Green is the colour of mould

Feb 22, 2018

Today is a new day.

You’re sitting in a meeting room with co-developers, some independent, some from The Usual Suspects Consulting Co. The client is Big Finance.

The project is “greenfield”. The scope is light. The urge to get started is palpable.

Software developers (with many years behind their name) utter nonsensicals like “Akka” and “Reactive” because “we’ll need to scale” and “besides - X isn’t maintained anymore”.

Architects and product owners (with even more years behind their names) proclaim “Yup, it sounds good” and “How long will it take?”.

The day after the Young Guns will sit there wide-eyed and freshly coffee-dosed, running their scaffolding scripts with glee, happy that they didn’t even have to write any code to get the drop shadow on “Hello World” just right.

Their models will be generated, schemafied, tested, RESTed, DB-backed, ORMed, and bloody well well-named. The services, micro as they are, will increase in number, will start talking, will start contributing to a pretty graph on a metrics dashboard, and will be continuously delivered via only the best and latest SaaS pipelines. Unless they’re cloud functions or lambdas or other little spin-up/spin-down hackathon-grade bits of code.

Life is good.

A year goes by.

You’re sitting in a meeting room with co-developers, some still there, some new, some independent, and some from The Usual Suspects whom you’ve since learnt has a reputation for flooding teams with their own people.

Oh, and some from the Partner you need to integrate with. Like, 4 months ago already.

The scaffolding scripts and quick-starts have lost their usefulness and shine. Your problem is written down on Stack Overflow as a question. “Know someone who can answer?”

You realise your problem isn’t really one of coding, or architecture.

<cue a montage of teams passing the buck, working over-time, rewriting entire services, finding outside help, and eventually scrapping the project>

Another year goes by.

You’re sitting in a meeting room and someone says “greenfield”. You start giggling. It’s mostly The Usual Suspects now. You’ve since learnt that they encourage scope creep because it keeps them there.

You realise you’ve connected websites to databases more times than you can care to count.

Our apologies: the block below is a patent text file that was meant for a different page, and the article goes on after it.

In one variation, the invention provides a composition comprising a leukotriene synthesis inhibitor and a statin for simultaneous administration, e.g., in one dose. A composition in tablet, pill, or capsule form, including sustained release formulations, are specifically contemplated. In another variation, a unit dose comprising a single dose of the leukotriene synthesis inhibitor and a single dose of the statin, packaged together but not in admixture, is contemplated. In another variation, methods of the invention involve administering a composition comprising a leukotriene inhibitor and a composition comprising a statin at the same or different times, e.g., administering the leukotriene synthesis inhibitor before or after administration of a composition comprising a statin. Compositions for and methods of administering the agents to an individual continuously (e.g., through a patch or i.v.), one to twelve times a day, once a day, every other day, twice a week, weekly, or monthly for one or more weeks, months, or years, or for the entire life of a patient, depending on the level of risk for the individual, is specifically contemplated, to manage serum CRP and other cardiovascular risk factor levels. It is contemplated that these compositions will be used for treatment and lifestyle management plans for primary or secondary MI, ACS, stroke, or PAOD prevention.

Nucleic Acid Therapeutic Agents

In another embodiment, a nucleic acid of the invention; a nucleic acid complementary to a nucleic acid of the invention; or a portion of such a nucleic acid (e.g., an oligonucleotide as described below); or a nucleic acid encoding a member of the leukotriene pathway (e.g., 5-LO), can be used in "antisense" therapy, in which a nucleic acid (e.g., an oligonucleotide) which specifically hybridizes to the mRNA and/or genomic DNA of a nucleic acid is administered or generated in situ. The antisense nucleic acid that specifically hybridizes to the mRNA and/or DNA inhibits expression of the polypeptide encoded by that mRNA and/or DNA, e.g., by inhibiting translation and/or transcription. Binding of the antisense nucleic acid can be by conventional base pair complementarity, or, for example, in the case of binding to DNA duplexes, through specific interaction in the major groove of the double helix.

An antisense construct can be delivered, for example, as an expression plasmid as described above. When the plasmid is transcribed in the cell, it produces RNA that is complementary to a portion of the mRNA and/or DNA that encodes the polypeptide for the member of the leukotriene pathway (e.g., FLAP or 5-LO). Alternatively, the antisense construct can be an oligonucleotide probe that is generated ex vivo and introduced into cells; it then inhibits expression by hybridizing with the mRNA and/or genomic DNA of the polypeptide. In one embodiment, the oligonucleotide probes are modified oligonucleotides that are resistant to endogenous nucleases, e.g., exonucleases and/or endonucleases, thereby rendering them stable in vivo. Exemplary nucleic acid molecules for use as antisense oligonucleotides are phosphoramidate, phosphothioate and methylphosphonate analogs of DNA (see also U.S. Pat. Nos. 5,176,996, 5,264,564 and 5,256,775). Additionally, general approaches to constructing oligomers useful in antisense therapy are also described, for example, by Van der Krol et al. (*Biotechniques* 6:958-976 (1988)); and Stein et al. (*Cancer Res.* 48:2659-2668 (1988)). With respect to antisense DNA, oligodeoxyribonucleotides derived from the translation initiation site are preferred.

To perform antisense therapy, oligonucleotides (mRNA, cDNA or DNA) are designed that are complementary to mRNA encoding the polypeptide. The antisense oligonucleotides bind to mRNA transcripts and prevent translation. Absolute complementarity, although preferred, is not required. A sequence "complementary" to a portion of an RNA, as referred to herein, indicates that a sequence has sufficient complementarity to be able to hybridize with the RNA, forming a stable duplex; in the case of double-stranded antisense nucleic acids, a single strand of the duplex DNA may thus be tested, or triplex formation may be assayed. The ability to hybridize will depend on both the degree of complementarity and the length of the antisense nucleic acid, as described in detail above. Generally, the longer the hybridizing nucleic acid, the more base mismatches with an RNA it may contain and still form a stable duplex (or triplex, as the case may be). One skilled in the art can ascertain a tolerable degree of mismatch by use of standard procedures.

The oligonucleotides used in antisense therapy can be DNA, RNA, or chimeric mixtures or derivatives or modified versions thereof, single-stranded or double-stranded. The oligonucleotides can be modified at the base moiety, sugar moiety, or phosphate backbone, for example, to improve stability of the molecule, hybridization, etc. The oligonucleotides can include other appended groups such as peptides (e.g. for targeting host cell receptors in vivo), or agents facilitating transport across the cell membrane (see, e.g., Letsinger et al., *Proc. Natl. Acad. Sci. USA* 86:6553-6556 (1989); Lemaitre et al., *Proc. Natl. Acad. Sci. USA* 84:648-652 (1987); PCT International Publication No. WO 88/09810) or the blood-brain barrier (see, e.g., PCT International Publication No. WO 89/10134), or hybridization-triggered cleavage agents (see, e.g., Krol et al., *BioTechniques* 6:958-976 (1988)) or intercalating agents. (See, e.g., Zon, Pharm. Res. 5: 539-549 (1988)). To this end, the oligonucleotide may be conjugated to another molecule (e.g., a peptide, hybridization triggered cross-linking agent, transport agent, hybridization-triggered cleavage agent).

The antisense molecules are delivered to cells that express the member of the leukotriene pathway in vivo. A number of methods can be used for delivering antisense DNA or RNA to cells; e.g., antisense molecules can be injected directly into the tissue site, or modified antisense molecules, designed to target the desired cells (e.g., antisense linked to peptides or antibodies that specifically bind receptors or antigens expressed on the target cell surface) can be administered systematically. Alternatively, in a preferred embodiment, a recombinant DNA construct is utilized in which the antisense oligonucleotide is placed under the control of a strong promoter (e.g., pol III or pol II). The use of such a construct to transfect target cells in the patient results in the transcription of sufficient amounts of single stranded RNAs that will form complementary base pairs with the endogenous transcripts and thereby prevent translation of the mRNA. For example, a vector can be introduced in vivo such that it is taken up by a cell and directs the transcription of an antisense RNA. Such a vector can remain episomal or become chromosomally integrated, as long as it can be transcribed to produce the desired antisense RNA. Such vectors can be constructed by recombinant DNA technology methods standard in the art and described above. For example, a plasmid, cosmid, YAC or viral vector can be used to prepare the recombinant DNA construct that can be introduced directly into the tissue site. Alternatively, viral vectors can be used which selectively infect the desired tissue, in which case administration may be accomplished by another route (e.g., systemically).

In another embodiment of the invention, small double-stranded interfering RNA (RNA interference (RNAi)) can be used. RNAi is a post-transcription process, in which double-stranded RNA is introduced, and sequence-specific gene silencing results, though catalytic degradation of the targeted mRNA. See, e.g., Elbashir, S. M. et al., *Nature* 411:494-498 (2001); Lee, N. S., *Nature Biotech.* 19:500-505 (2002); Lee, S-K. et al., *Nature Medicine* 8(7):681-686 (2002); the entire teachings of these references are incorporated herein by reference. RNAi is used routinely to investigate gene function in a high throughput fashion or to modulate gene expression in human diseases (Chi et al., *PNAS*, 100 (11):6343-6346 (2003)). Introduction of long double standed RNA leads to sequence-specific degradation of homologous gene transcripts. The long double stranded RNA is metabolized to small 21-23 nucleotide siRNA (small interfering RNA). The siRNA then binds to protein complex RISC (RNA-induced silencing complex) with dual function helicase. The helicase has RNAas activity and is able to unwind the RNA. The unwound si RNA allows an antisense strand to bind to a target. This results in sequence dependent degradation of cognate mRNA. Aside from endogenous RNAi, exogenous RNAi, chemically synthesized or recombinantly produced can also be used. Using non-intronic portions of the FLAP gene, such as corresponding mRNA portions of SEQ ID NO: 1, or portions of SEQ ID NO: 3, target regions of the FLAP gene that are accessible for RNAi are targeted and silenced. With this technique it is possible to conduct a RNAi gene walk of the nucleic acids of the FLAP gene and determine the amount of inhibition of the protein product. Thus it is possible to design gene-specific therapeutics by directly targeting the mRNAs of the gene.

Someone says “LMAX disruptor” and someone else says “web assembly”, and you laugh some more. The New-and-shiny Brigade indeed only does that which looks good on their CV.

You start yearning for the days you can show an AI a spec, and it deep-neural-nettifies a solution for you without having worried about Grunt workflows (or is it Gulp? (or is it Webpack? (or is it Browserify?))). You laugh, but also cry a bit, but you mostly laugh.

Someone who calls themselves an architect says “Yup, it sounds good”. The product owner (owner?) asks “How long will it take?” and you can’t answer because by now you’re laughing so hard and lying on the floor.

It’s 2891 XD, the age of Their Almighty Intelligences

You’re sitting in a virtual meeting room and someone says “greenfield”. Your laughing circuit shorts to /dev/null because you’re running Polite v1.341. You’ve succumbed to The Usual Suspects now, but thank Almighty153 there are only two of you there, thanks to the limit imposed in your global config file. (Record also shows you’ve been considered viral in the past, so limits will be had)

Someone says “Tri-directional LSTM with Evolution Attention” and someone else says “make sure it all rhymes with Pooh”, but you don’t flinch. (Thanks, DontGiveAMonkeys v1.337)

You’ve long since died, so don’t yearn for anything anymore.

Architect AI doesn’t say “It sounds good” because they’ve heard (and read, parsed, indexed and translated) everything before. Almighty153 - being the product owner of everything - doesn’t ask “How long will it take?” because:

  1. they’re too busy
  2. they know the answer already

Five femtoseconds goes by, a virtual microwave oven says “Ping!”, and someone opens the door to reveal the Product.

It sounds something like the dial-up modem sound from pre-history, and when you squint your virtual eyes it looks something like


Their Almighty Intelligences rejoice, and you realise it makes about as much sense as it did the first time around.

Nothing has changed.